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Oil Market’s Balancing, Inventories, and US Refining Scene | June Advisor Preview

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Energy price stability was the main theme for much of May, before a manifold of downside risks materialized toward the end of the month that impacted both crude oil and diesel prices. In this edition of the Breakthrough Advisor, the Applied Knowledge Team provides a detailed analysis of what contributed to this behavior, while offering an updated outlook and forecast based on recent developments in the world oil market, global economy, and intensifying geopolitical landscape.

The Advisor Team uses data-driven insights to best represent the value of market knowledge to shippers, providing a forward-looking perspective on what will drive fuel prices as the second half of 2019 approaches. Remaining cognizant of the drivers of fuel price volatility remains crucial to understanding total transportation fuel spend.

The Oil Market’s Balancing Act

In last month’s Advisor publication, commentary was heavily focused on numerous geopolitical risks that left the fuel market subject to an upward price transition. While said geopolitical events – such as lingering effects of the Iran sanction decision, unrest in the Persian Gulf, and an ongoing political strife in Venezuela – still weigh on energy prices, competing forces emerged in May that have since muted this upside risk.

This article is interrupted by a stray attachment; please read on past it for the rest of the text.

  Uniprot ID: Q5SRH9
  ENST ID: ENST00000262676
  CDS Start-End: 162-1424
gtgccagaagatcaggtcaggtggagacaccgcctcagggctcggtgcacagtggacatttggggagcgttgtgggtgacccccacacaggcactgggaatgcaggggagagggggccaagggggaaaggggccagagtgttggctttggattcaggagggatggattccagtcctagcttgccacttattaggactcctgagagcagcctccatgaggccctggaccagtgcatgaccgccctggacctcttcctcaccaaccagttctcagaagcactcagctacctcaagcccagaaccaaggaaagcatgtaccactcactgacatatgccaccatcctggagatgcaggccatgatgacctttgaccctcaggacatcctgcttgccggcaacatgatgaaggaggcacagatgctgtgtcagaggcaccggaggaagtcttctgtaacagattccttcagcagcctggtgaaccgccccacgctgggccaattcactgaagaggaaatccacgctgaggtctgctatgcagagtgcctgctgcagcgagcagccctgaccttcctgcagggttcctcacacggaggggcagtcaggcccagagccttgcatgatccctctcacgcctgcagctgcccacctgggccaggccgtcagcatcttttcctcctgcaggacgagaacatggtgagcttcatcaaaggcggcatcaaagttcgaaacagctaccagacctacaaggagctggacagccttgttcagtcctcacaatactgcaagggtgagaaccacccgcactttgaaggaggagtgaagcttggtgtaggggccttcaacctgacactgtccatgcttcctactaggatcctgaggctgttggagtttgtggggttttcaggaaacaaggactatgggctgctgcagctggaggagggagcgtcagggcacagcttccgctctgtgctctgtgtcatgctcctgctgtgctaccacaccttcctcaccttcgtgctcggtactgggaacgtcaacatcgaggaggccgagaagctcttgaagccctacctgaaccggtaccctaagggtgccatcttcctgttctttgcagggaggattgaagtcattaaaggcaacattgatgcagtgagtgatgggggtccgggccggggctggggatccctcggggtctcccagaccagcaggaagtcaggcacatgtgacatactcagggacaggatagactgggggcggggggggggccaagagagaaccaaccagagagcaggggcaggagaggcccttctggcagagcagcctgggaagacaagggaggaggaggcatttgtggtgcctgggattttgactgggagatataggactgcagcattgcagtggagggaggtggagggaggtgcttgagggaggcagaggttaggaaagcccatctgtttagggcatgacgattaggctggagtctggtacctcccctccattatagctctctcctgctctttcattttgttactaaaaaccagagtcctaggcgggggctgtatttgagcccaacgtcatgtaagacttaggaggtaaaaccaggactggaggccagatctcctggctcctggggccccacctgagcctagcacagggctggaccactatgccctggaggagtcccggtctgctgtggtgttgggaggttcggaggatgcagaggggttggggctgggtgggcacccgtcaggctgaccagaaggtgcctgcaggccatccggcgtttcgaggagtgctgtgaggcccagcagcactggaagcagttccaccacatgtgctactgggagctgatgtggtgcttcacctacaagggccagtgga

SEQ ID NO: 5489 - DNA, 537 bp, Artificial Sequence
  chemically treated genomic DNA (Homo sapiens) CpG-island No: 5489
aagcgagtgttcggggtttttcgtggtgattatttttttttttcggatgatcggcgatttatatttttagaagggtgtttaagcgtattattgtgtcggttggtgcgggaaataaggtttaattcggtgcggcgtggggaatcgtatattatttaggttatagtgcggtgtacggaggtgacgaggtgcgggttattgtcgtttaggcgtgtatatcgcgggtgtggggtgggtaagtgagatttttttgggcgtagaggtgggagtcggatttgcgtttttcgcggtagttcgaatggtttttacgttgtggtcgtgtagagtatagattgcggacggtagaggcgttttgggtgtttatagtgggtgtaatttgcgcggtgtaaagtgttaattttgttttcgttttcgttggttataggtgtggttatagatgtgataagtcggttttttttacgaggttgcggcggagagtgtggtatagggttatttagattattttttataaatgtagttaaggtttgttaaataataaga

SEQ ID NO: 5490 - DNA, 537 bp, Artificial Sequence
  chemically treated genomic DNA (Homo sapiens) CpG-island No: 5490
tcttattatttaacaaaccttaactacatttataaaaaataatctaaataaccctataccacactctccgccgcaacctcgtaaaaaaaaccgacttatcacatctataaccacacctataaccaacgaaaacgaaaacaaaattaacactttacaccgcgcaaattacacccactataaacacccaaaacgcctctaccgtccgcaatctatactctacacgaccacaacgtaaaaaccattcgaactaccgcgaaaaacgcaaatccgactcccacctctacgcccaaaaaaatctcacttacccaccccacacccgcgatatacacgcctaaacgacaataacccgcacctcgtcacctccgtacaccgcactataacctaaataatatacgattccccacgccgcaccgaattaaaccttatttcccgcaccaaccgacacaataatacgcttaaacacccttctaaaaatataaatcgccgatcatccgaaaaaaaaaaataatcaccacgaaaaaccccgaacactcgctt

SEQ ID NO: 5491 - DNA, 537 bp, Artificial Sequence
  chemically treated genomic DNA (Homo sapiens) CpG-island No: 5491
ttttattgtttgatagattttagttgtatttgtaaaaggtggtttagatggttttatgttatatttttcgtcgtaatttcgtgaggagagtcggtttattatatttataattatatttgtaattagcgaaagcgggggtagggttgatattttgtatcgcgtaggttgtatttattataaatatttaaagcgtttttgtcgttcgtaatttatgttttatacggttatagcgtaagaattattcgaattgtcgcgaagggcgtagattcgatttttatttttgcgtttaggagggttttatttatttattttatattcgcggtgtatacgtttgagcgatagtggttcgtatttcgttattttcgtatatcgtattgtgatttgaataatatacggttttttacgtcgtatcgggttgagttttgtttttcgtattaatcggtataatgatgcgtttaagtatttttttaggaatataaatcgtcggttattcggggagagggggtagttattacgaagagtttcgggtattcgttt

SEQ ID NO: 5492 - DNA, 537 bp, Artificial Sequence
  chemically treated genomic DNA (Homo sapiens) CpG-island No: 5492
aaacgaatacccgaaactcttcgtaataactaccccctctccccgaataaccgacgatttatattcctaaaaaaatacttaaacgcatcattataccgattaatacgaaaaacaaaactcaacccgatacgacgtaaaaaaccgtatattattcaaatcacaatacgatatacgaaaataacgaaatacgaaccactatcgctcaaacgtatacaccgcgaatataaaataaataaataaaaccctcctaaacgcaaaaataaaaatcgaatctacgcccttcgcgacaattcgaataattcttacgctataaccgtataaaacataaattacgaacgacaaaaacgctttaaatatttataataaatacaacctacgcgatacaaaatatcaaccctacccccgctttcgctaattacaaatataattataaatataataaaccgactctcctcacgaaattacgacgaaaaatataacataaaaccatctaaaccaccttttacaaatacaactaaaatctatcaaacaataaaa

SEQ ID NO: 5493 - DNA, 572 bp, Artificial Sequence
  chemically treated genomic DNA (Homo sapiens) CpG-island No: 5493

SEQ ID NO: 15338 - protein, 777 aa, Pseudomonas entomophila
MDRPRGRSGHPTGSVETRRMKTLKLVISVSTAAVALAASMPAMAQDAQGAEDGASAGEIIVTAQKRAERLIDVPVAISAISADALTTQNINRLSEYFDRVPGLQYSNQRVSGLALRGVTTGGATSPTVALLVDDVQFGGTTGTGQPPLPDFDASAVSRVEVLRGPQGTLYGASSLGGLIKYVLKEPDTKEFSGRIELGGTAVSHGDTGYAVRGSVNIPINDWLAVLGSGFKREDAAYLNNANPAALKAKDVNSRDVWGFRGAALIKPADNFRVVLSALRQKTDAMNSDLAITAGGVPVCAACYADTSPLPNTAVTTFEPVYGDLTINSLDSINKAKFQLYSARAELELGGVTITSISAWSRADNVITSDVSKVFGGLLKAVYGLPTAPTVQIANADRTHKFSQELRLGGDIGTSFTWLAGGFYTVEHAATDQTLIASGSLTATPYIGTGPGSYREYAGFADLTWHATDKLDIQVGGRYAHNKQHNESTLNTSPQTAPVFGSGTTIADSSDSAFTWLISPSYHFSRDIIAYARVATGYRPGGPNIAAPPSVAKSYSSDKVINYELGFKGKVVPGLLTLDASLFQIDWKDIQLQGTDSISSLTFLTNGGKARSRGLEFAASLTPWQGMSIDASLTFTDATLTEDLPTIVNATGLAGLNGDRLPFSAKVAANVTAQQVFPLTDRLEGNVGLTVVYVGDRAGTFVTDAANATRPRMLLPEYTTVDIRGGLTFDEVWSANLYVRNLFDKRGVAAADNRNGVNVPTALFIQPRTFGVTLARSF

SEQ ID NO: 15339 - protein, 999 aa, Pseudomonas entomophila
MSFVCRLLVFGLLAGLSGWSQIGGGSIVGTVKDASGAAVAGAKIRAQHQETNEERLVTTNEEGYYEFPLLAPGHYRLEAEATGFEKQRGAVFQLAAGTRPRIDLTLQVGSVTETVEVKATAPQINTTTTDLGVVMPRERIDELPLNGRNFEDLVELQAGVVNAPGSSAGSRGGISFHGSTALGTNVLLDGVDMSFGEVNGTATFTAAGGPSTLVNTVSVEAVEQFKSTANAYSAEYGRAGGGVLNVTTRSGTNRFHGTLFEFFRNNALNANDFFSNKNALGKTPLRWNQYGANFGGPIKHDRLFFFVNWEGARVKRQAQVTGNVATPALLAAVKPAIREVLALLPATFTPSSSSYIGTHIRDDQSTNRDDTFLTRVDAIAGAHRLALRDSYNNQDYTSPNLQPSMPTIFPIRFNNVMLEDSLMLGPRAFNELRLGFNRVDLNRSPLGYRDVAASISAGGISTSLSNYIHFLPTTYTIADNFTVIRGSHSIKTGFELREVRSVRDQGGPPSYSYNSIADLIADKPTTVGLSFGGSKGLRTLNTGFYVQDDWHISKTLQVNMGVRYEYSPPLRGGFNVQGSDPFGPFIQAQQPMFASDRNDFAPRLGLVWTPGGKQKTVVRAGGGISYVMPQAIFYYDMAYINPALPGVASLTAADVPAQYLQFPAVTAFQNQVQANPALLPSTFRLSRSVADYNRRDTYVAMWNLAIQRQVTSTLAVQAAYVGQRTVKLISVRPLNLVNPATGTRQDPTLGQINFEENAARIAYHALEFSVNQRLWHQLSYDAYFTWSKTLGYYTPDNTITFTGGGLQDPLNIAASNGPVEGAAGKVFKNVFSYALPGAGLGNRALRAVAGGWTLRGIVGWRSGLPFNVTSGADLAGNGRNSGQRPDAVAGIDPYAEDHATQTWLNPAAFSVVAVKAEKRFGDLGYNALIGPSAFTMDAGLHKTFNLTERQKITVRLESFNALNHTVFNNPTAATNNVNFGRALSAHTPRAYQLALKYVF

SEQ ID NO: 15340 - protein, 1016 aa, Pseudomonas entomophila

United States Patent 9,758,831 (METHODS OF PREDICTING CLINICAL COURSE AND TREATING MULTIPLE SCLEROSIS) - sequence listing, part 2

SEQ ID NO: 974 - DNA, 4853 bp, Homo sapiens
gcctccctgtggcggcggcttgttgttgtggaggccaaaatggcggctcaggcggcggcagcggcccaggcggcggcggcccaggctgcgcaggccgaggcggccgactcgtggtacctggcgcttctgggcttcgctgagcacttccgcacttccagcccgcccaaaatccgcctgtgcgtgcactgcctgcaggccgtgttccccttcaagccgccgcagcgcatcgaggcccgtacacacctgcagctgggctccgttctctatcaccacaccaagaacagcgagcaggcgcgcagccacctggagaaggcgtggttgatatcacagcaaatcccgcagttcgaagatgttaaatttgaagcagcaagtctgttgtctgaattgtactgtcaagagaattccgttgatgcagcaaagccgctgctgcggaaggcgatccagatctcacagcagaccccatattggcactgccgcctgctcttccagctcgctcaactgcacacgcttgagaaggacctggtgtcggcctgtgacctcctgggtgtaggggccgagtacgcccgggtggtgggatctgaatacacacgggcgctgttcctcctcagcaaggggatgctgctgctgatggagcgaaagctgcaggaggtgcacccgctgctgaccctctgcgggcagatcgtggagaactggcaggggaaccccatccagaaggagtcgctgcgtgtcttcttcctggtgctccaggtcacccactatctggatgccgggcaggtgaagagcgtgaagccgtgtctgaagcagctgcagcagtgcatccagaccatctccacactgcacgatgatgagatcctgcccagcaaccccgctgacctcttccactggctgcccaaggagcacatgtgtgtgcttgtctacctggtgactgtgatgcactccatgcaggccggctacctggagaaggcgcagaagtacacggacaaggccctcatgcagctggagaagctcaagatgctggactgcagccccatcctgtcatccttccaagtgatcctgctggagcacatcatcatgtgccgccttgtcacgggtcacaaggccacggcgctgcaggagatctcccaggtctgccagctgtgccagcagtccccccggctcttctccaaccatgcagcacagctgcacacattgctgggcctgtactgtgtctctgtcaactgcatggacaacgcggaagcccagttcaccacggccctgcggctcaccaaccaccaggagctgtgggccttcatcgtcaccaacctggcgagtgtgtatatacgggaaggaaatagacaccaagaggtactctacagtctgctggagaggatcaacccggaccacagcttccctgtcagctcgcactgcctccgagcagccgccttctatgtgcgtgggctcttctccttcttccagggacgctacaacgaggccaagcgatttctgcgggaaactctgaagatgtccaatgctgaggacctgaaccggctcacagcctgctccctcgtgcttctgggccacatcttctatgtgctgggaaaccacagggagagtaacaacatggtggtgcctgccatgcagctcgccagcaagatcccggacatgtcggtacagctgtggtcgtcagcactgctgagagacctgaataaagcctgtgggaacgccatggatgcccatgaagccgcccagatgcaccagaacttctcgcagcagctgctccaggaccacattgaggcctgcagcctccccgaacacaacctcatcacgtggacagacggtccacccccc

US trade developments with China and Mexico, regional refining dynamics, and inventory builds were examples of these competing forces, marking another inflection point for the energy market that will likely result in significant price volatility for the foreseeable future. What were the specific price implications of the current balancing act that exists in the world energy market, and what did it mean for fuel prices for shippers moving goods to market? Gain further insight in the June edition of the Breakthrough Advisor.

US Refining and Inventories

The normal conclusion of refinery maintenance season was met with a series of unplanned refinery outages in the west coast that drove regional diesel prices upward. This, paired with unexpected weather events and prolonged maintenance periods ahead of summer driving season and the impending IMO 2020 sulfur regulations, prevented certain US refiners from operating at seasonal levels.

The direct relationship between refinery utilization rates and inventory stockpiles came full circle in May, as US oil stockpiles reached multi-year highs on the back of refiners’ lower run rates. US oil output hovering near record levels, pipeline bottlenecks in some of the nation’s most robust production regions, and weaker demand projections also added to the inventory builds, raising concerns of an over-supplied oil market – at least in the near-term.

The market’s lingering upward price risks will look to offset these concerns, with the Organization of Petroleum Exporting Countries upcoming meeting likely offering additional guidance for the global oil supply picture for the rest of the year. All things considered, the Applied Knowledge Team will offer a transparent perspective on what these variables mean for diesel prices, and ultimately what will influence roughly 25 percent of total transportation costs.

This edition of the Breakthrough Advisor publication presents a detailed synopsis of the energy market’s most pressing news and data-driven insights concerning shippers’ fuel management strategies. If interested, you can gain further details on rapidly changing market dynamics and industry trends by signing up for the Breakthrough Advisor Brief or contacting the Applied Knowledge Team directly.

Sign up for the Breakthrough Advisor Brief and additional market insights.